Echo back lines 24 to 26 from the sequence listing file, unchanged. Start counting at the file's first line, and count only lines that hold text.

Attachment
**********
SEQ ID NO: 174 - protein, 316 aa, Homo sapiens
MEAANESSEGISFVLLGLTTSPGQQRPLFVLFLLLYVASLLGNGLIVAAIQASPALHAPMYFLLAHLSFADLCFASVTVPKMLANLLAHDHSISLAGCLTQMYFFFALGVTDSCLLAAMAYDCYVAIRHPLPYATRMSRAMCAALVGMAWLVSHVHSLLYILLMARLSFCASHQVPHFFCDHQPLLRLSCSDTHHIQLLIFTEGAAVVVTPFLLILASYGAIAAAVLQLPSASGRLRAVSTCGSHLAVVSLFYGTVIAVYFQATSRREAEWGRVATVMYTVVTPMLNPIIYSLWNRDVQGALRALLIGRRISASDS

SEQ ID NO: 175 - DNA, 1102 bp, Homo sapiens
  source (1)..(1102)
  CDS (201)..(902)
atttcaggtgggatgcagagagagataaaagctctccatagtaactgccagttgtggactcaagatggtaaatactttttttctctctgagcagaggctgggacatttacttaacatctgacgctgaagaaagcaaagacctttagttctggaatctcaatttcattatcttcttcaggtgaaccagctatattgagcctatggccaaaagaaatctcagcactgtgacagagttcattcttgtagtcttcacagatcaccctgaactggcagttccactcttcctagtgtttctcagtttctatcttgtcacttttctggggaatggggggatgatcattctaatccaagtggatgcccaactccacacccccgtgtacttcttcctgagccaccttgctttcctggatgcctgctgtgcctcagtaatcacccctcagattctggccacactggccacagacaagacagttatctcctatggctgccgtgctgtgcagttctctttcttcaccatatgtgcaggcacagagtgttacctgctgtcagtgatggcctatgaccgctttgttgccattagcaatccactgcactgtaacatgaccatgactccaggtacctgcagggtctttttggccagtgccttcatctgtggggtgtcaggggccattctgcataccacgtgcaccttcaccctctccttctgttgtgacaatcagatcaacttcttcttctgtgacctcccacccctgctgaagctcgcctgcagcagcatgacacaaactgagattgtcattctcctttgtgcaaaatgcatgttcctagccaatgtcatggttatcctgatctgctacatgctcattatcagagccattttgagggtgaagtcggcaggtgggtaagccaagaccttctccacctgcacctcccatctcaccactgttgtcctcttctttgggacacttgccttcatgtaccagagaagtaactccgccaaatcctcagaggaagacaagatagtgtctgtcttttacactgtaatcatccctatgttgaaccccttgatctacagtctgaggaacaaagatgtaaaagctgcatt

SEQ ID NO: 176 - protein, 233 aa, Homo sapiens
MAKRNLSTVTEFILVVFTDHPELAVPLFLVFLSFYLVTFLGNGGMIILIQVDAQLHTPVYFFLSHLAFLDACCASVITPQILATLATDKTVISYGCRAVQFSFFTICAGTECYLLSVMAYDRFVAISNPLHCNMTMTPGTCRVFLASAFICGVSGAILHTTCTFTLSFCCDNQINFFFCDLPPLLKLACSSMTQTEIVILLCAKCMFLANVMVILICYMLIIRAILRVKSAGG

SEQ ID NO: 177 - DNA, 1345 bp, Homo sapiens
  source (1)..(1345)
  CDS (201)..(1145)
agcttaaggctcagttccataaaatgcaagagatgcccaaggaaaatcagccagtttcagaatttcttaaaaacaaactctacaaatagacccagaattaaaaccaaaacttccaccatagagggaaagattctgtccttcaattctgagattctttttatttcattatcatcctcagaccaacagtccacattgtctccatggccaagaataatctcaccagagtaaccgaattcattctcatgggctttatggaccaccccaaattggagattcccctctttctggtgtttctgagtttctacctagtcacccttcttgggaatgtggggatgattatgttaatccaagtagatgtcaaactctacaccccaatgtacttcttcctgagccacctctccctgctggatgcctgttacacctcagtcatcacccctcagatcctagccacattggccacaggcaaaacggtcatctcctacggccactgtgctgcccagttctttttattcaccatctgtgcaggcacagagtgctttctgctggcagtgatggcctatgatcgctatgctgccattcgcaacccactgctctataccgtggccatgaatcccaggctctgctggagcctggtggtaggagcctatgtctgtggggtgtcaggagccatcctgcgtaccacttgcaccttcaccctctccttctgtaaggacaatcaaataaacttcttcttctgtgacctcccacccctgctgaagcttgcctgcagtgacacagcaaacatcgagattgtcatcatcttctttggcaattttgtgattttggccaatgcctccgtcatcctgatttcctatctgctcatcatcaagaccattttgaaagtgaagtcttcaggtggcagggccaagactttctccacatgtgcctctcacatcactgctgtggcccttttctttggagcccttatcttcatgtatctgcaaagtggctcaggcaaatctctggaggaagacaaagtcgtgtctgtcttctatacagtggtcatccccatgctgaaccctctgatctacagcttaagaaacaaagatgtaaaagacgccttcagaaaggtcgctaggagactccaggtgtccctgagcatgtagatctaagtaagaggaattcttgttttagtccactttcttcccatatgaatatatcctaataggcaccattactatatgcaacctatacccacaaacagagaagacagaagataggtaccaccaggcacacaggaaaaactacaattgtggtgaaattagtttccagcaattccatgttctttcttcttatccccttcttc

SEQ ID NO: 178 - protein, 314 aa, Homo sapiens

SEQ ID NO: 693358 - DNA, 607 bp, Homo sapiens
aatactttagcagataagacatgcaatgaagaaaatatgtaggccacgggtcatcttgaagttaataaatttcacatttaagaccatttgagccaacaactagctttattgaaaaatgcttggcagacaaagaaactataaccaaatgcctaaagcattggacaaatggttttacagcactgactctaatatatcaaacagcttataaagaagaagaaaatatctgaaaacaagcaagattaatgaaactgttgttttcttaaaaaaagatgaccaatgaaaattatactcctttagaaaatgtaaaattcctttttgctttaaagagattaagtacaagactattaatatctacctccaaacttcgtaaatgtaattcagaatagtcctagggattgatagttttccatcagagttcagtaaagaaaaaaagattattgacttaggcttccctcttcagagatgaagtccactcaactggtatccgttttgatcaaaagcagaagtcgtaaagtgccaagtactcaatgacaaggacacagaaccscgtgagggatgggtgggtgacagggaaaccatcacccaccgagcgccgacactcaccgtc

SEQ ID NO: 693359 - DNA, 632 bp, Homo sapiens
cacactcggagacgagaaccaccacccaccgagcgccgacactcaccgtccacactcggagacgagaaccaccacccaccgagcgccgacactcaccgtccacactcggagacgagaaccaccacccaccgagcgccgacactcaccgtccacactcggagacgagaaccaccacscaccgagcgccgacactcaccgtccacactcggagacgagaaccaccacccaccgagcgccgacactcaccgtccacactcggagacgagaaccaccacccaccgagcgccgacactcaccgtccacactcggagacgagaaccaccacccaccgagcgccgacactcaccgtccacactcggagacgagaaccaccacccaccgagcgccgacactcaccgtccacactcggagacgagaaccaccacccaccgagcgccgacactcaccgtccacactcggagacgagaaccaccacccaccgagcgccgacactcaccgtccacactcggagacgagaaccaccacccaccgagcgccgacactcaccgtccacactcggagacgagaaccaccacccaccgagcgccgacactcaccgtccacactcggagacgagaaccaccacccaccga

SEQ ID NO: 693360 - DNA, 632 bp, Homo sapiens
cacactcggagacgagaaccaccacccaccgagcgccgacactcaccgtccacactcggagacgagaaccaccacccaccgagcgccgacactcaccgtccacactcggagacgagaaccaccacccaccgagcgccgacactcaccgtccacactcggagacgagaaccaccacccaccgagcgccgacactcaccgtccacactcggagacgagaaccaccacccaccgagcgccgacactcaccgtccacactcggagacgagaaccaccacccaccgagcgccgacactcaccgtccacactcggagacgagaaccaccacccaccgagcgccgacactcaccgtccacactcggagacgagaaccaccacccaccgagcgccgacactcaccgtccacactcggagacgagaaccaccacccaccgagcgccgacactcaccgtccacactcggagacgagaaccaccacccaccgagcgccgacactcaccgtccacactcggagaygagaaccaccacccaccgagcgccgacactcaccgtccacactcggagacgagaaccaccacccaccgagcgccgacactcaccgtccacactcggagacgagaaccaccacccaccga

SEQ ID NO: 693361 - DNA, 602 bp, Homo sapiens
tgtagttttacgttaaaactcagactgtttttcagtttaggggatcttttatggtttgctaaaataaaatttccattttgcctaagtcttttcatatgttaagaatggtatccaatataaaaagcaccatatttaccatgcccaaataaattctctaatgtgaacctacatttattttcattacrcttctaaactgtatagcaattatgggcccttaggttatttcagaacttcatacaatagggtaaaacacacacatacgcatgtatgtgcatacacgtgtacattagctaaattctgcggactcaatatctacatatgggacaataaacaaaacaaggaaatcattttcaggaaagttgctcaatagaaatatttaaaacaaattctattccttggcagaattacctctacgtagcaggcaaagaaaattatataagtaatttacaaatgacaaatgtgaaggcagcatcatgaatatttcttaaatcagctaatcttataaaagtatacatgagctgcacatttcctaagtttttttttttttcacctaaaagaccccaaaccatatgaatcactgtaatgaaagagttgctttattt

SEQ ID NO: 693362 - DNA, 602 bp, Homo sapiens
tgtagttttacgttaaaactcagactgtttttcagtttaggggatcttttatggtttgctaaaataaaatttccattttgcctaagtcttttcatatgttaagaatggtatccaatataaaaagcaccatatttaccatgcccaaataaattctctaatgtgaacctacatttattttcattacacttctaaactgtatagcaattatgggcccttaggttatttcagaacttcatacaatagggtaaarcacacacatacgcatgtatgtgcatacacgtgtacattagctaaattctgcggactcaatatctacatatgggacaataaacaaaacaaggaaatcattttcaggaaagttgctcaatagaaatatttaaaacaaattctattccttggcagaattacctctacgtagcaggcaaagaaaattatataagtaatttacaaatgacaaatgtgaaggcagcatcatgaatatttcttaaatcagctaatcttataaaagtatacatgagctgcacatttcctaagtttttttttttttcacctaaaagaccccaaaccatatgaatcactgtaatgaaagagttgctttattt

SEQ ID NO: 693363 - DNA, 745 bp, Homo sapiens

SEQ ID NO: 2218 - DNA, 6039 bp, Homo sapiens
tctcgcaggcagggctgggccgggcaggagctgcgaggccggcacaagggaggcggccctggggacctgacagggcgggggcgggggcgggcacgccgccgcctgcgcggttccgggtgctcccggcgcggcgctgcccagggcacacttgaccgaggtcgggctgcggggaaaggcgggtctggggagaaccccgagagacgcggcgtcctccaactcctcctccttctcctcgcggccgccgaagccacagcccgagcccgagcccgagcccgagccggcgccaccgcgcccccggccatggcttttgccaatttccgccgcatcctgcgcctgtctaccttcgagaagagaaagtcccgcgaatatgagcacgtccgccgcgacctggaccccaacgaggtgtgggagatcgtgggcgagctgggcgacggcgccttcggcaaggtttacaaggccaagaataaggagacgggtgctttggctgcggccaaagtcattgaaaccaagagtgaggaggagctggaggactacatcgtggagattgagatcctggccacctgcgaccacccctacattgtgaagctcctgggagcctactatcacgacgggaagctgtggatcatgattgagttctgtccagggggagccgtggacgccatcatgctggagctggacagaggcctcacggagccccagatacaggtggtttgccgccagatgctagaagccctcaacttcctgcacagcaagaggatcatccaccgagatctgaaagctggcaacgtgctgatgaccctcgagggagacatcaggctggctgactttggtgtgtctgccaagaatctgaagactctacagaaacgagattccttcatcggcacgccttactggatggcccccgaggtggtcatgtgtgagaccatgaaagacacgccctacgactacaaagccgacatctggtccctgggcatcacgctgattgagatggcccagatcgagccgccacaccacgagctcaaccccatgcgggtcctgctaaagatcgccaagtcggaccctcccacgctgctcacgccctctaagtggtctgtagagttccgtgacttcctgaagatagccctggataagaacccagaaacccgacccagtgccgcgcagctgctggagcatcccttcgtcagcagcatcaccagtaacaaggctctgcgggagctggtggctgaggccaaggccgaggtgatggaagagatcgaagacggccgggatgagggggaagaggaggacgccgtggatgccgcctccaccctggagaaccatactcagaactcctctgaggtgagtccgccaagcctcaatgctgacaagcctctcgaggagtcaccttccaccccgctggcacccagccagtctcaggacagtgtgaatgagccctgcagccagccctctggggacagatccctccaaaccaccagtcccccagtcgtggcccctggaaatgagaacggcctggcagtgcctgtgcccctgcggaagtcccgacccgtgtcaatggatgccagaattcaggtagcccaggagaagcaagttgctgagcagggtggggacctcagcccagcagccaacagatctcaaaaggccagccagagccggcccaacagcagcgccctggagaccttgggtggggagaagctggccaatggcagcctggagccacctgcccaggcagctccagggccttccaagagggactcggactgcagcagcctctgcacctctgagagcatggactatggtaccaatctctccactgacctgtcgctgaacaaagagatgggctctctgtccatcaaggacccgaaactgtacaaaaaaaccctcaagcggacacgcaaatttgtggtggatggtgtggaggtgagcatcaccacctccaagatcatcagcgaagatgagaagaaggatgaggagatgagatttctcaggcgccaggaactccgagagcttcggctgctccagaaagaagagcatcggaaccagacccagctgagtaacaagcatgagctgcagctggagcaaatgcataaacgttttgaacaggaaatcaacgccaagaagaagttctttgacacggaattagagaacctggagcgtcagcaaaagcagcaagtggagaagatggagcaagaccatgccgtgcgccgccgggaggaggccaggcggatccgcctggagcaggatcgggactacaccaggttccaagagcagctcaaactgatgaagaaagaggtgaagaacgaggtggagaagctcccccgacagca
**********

SEQ ID NO: 693363 - DNA, 745 bp, Homo sapiens

SEQ ID NO: 2218 - DNA, 6039 bp, Homo sapiens
tctcgcaggcagggctgggccgggcaggagctgcgaggccggcacaagggaggcggccctggggacctgacagggcgggggcgggggcgggcacgccgccgcctgcgcggttccgggtgctcccggcgcggcgctgcccagggcacacttgaccgaggtcgggctgcggggaaaggcgggtctggggagaaccccgagagacgcggcgtcctccaactcctcctccttctcctcgcggccgccgaagccacagcccgagcccgagcccgagcccgagccggcgccaccgcgcccccggccatggcttttgccaatttccgccgcatcctgcgcctgtctaccttcgagaagagaaagtcccgcgaatatgagcacgtccgccgcgacctggaccccaacgaggtgtgggagatcgtgggcgagctgggcgacggcgccttcggcaaggtttacaaggccaagaataaggagacgggtgctttggctgcggccaaagtcattgaaaccaagagtgaggaggagctggaggactacatcgtggagattgagatcctggccacctgcgaccacccctacattgtgaagctcctgggagcctactatcacgacgggaagctgtggatcatgattgagttctgtccagggggagccgtggacgccatcatgctggagctggacagaggcctcacggagccccagatacaggtggtttgccgccagatgctagaagccctcaacttcctgcacagcaagaggatcatccaccgagatctgaaagctggcaacgtgctgatgaccctcgagggagacatcaggctggctgactttggtgtgtctgccaagaatctgaagactctacagaaacgagattccttcatcggcacgccttactggatggcccccgaggtggtcatgtgtgagaccatgaaagacacgccctacgactacaaagccgacatctggtccctgggcatcacgctgattgagatggcccagatcgagccgccacaccacgagctcaaccccatgcgggtcctgctaaagatcgccaagtcggaccctcccacgctgctcacgccctctaagtggtctgtagagttccgtgacttcctgaagatagccctggataagaacccagaaacccgacccagtgccgcgcagctgctggagcatcccttcgtcagcagcatcaccagtaacaaggctctgcgggagctggtggctgaggccaaggccgaggtgatggaagagatcgaagacggccgggatgagggggaagaggaggacgccgtggatgccgcctccaccctggagaaccatactcagaactcctctgaggtgagtccgccaagcctcaatgctgacaagcctctcgaggagtcaccttccaccccgctggcacccagccagtctcaggacagtgtgaatgagccctgcagccagccctctggggacagatccctccaaaccaccagtcccccagtcgtggcccctggaaatgagaacggcctggcagtgcctgtgcccctgcggaagtcccgacccgtgtcaatggatgccagaattcaggtagcccaggagaagcaagttgctgagcagggtggggacctcagcccagcagccaacagatctcaaaaggccagccagagccggcccaacagcagcgccctggagaccttgggtggggagaagctggccaatggcagcctggagccacctgcccaggcagctccagggccttccaagagggactcggactgcagcagcctctgcacctctgagagcatggactatggtaccaatctctccactgacctgtcgctgaacaaagagatgggctctctgtccatcaaggacccgaaactgtacaaaaaaaccctcaagcggacacgcaaatttgtggtggatggtgtggaggtgagcatcaccacctccaagatcatcagcgaagatgagaagaaggatgaggagatgagatttctcaggcgccaggaactccgagagcttcggctgctccagaaagaagagcatcggaaccagacccagctgagtaacaagcatgagctgcagctggagcaaatgcataaacgttttgaacaggaaatcaacgccaagaagaagttctttgacacggaattagagaacctggagcgtcagcaaaagcagcaagtggagaagatggagcaagaccatgccgtgcgccgccgggaggaggccaggcggatccgcctggagcaggatcgggactacaccaggttccaagagcagctcaaactgatgaagaaagaggtgaagaacgaggtggagaagctcccccgacagca